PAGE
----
Dede Wilson

co-founder of

Lots of Lime

I’ve never been much of a drinker. When I was growing up by Dad would sometimes offer me tastes of watered down wine; he’d tell me that’s what French families do. But I never liked it much. When I was fourteen a boy I used to ski with on the weekends decided to get me drunk on Screwdrivers at a party. I made it home safely and I didn’t throw up, but I fell asleep in my clothes and woke up half on and half off of my bed. Why would anyone want to do this, I wondered? That was the one and only time I truly got drunk.

On the other hand, if I hear a champagne cork pop, I’m ready with a glass. And if I am in Europe or at an elegant dinner, I will have sips of good wine, but if I drink six times a year, that’s more than average for me.

My ex-husband, Harry, and I spent the summer before we got married on Block Island, Rhode Island, where his parent’s had a second home. We stayed out there full-time and they would join us on the weekends. Harry decided he would teach me to drink gin and tonics.

“It’s the summer drink,” he reasoned.

He bought us a bottle of Tanqueray gin, bottles of tonic water and fresh limes. I watched as he made our drinks. Ice in the glasses first, then gin, topped with tonic. He didn’t measure; he knew how to make them from practice.

“You have to have lots of lime,” he said, squeezing a generous wedge into the glass and garnishing with another.

We clinked and toasted and I took a sip. I liked it. I liked it a lot. There was something about the unique flavor profile of the Tanqueray, with hints of juniper and coriander and angelica root, and the copious amount of lime that suited me just fine.

We repeated this every night, after five o’clock, which was the magic number in his family. “Its five o’clock somewhere,” his mother liked to say, which allowed for earlier drinking at parties and such.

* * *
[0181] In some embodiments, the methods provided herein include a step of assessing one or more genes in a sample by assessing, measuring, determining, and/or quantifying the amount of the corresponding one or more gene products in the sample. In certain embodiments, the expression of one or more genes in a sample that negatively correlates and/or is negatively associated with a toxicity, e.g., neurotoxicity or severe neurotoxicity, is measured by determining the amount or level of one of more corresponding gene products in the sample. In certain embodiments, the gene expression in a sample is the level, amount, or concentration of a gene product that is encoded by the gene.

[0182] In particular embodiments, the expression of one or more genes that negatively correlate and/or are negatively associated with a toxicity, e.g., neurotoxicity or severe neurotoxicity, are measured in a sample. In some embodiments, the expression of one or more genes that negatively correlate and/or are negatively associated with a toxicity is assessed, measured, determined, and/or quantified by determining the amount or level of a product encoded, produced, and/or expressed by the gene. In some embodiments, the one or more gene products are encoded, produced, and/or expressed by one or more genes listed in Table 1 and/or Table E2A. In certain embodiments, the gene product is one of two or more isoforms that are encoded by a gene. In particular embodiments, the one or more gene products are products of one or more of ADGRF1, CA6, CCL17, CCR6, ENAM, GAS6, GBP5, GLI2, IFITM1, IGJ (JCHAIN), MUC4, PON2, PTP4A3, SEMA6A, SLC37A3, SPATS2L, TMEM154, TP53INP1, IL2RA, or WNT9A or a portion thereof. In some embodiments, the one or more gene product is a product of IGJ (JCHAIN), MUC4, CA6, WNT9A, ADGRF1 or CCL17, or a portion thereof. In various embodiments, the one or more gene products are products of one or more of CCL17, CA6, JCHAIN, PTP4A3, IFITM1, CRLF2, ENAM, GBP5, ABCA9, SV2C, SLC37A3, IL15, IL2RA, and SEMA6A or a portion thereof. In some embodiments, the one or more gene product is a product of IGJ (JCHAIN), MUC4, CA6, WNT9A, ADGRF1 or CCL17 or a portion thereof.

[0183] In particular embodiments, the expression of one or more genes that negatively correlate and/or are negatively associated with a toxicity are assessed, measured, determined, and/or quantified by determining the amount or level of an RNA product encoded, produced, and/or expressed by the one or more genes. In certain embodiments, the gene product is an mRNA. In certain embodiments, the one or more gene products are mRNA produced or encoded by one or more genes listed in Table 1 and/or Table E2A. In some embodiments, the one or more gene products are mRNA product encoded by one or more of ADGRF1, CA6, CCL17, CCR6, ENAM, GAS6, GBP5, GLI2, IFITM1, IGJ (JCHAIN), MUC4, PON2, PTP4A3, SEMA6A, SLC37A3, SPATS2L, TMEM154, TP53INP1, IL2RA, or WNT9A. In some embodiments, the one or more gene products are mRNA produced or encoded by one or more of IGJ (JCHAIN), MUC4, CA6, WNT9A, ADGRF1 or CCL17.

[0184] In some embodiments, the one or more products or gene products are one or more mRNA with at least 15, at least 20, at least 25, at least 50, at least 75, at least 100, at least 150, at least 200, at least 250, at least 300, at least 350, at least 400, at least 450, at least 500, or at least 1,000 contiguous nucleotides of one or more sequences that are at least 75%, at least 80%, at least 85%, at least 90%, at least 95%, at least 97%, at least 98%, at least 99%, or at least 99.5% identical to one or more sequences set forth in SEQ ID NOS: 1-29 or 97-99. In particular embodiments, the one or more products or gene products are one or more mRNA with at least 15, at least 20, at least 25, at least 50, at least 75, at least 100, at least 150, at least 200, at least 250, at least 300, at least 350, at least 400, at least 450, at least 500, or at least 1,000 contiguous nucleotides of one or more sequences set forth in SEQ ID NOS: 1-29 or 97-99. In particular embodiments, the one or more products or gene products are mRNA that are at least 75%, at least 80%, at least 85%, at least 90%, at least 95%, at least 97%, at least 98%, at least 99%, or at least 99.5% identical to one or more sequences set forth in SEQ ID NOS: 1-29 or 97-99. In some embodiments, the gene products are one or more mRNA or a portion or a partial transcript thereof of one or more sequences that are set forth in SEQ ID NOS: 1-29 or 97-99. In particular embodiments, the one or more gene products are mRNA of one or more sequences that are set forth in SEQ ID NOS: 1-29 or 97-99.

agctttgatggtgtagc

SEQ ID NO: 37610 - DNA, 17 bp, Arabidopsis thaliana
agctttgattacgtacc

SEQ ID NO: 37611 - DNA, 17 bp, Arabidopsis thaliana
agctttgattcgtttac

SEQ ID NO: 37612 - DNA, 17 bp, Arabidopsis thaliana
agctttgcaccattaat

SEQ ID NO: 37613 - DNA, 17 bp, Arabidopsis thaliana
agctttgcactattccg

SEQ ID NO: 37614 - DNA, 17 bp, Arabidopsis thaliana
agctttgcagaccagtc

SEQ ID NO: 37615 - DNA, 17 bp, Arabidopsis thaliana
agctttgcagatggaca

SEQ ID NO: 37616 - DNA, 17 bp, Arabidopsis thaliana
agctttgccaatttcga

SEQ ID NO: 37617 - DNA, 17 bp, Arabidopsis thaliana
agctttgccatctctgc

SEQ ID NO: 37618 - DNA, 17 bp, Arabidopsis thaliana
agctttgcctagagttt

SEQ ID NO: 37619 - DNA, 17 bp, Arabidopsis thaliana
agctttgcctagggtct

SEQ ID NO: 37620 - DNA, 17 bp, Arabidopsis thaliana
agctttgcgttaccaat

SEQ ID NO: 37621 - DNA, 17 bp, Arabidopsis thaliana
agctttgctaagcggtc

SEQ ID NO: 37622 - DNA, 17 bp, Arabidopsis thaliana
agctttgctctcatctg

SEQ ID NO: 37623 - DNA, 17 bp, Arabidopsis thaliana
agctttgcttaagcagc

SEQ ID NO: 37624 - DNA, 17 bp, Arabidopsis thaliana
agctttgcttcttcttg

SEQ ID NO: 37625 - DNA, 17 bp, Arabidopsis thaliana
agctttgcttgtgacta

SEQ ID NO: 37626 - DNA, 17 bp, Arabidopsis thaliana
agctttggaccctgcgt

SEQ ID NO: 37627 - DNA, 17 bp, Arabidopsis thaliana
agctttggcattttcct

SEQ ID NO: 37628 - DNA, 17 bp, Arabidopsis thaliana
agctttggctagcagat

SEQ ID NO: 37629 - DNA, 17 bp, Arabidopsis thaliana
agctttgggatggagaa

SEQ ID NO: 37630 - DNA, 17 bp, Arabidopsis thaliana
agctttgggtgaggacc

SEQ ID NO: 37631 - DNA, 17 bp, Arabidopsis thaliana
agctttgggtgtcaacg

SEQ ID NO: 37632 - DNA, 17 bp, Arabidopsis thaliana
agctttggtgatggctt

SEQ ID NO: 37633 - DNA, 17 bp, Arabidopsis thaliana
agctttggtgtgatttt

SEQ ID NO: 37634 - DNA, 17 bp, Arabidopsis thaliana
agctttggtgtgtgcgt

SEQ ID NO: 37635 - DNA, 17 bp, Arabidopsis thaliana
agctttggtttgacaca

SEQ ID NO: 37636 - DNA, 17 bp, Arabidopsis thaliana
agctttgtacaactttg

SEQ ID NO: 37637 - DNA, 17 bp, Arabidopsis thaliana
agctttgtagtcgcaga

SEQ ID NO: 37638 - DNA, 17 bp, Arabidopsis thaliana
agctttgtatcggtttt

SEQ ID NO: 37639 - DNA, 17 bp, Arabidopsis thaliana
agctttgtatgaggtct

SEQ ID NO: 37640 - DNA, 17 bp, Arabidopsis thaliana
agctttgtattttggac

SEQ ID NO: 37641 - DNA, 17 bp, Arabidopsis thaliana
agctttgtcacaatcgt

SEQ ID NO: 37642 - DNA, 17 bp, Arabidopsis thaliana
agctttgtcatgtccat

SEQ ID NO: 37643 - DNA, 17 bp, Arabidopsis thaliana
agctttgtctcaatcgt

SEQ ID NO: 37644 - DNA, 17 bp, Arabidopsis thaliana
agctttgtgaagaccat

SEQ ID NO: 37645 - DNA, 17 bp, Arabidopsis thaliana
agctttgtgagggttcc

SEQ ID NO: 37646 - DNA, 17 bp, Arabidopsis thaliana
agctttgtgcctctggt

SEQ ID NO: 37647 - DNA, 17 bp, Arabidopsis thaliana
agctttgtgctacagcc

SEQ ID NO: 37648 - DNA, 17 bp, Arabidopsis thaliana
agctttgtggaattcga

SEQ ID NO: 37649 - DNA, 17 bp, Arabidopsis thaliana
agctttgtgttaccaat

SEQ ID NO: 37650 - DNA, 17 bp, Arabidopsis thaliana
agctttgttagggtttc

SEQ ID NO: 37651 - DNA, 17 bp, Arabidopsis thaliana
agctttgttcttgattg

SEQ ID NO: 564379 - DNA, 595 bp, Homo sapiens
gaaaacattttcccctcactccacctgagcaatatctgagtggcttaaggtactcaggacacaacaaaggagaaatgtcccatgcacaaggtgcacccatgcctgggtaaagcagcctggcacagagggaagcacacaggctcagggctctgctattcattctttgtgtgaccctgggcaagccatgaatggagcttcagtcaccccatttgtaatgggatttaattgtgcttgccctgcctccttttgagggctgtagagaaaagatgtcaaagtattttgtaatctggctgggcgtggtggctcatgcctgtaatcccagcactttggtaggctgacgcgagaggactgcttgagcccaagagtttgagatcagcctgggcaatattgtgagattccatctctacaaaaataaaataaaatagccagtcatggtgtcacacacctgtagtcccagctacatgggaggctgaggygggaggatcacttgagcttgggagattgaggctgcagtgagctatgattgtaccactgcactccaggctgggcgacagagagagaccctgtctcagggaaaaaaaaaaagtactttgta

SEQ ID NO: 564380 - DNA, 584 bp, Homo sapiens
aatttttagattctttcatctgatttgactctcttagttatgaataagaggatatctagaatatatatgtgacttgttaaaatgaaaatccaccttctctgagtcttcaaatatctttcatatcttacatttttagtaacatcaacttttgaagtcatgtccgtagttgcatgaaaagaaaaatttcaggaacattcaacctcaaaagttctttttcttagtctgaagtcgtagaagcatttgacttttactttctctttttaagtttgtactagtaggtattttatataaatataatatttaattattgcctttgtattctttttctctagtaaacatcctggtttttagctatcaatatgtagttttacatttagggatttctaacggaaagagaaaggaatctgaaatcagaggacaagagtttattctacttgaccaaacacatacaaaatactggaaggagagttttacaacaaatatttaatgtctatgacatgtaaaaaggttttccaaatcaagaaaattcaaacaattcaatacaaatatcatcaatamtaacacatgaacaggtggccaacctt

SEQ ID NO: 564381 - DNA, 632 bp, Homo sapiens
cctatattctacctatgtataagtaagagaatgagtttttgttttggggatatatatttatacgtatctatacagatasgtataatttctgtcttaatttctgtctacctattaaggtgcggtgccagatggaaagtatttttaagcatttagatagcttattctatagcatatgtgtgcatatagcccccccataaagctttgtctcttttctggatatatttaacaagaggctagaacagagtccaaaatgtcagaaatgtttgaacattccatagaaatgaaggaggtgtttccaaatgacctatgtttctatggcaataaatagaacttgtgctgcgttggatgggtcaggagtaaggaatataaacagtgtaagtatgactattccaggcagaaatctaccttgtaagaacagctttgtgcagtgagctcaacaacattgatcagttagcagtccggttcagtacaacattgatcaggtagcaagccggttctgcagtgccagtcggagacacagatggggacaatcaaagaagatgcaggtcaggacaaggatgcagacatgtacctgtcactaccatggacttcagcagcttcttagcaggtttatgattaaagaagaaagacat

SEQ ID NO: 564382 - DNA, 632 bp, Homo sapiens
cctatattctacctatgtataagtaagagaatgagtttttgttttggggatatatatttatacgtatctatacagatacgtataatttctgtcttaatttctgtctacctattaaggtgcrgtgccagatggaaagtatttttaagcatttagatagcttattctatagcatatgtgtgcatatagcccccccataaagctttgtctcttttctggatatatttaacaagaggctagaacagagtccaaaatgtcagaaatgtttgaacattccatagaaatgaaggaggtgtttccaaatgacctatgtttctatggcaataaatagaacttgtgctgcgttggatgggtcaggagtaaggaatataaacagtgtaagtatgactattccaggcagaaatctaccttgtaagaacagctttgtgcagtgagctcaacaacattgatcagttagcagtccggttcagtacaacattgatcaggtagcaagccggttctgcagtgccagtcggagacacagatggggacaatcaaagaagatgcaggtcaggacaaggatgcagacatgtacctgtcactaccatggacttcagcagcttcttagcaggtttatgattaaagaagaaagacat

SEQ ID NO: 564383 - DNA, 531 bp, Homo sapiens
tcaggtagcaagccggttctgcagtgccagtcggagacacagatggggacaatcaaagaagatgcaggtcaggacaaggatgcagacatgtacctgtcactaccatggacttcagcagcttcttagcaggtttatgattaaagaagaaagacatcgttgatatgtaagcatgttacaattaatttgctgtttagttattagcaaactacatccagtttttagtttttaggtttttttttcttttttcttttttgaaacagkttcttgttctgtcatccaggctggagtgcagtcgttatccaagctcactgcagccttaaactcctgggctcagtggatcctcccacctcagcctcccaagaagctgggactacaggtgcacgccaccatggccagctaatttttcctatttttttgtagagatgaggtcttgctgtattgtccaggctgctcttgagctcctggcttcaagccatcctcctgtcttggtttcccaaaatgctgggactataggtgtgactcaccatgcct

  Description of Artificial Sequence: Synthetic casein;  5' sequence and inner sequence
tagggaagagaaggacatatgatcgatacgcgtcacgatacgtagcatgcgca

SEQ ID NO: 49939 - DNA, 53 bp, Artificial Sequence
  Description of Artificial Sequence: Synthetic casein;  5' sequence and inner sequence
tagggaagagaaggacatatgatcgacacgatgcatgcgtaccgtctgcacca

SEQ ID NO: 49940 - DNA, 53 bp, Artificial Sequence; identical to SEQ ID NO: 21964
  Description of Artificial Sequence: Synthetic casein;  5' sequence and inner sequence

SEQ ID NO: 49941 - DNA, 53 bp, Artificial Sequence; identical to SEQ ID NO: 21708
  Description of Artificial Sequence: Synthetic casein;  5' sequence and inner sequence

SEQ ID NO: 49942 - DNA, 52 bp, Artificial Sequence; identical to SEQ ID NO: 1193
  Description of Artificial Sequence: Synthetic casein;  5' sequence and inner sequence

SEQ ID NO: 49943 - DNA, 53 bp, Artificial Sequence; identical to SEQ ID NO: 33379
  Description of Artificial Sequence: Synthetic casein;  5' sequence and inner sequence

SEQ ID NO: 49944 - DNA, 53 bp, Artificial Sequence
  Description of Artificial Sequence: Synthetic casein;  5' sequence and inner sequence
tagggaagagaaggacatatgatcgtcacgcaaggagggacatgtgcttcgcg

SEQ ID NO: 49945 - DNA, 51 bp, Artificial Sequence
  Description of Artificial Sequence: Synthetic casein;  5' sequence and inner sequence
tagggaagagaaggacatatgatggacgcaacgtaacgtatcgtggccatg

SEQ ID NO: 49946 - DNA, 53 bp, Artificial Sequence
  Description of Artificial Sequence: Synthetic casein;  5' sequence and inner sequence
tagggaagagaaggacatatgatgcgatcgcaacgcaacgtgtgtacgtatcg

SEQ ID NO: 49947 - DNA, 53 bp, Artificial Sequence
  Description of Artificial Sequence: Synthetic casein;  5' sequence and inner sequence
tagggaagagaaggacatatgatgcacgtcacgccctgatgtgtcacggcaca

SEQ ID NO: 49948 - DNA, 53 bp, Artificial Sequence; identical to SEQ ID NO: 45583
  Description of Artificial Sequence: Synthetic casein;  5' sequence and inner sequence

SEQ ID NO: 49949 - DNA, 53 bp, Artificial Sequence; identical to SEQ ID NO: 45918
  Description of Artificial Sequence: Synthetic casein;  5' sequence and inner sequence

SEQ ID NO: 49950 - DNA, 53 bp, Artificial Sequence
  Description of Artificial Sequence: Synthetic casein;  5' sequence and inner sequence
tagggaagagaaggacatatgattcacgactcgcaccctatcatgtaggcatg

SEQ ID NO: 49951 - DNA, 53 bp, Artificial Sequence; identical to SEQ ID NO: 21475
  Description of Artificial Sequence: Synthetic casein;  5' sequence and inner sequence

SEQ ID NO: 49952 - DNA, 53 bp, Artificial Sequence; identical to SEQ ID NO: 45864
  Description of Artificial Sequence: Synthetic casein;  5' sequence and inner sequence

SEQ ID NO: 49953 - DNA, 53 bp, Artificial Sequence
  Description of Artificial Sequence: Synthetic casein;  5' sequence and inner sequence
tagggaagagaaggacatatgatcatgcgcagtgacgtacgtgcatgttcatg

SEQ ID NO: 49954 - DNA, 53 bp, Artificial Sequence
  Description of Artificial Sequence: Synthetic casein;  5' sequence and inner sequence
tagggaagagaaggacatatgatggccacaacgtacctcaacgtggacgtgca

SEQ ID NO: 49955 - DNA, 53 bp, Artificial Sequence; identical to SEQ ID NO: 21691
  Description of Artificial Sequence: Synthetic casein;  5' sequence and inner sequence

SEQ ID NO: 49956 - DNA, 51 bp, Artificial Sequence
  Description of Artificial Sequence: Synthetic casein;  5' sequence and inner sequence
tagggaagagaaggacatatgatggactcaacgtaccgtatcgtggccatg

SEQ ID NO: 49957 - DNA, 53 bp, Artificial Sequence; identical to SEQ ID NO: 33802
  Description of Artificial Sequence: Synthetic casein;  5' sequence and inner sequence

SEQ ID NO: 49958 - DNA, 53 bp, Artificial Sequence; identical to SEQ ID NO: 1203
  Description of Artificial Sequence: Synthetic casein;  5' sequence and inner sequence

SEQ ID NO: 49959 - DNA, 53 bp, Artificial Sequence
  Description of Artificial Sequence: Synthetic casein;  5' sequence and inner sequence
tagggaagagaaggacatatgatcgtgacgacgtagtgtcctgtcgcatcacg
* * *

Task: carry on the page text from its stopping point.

But there was a problem. Not even Harry knew how hard this alcohol consumption had hit me. I don’t mean as in getting me drunk, as surely he would have noticed. I mean that it hit a receptor in my brain where my addictive personality resides.

I was working at a gift shop in town. It was a fancy store; no T-shirts or Block Island printed glassware. Our store had elegant Kosta Boda glass, Orrefors crystal, Portmeirion china and seashells made into expensive lamps. I worked as a salesgirl and I was good at it. I’ve never had a problem talking with strangers and I truly liked what we offered, so selling came naturally.

Unfortunately, it also seemed natural to me to whip up a batch of gin and tonics, place them in a thermos, and take them to work, at eleven o’clock in the morning -within a week of tasting my first one. I did this for about two weeks. No one knew. Not Harry, not my bosses. I never got drunk, but I was thoroughly enjoying the relaxation the alcohol brought about and how mellow I felt.

Until one day, when I just snapped out of it. What was I doing? This was not okay. This was what alcoholics do. Two weeks ago I hadn’t needed this help, this boost in my life. So that was it; I stopped, just like that. I had a sense that this could become bigger than I was, and I needed to curtail it before it was too late.

We got married at the end of the summer. We toasted with champagne. I had some, and it was fine. I continue to drink on occasion, and enjoy it when I do, but I know that it can never become a daily ritual. Not for me.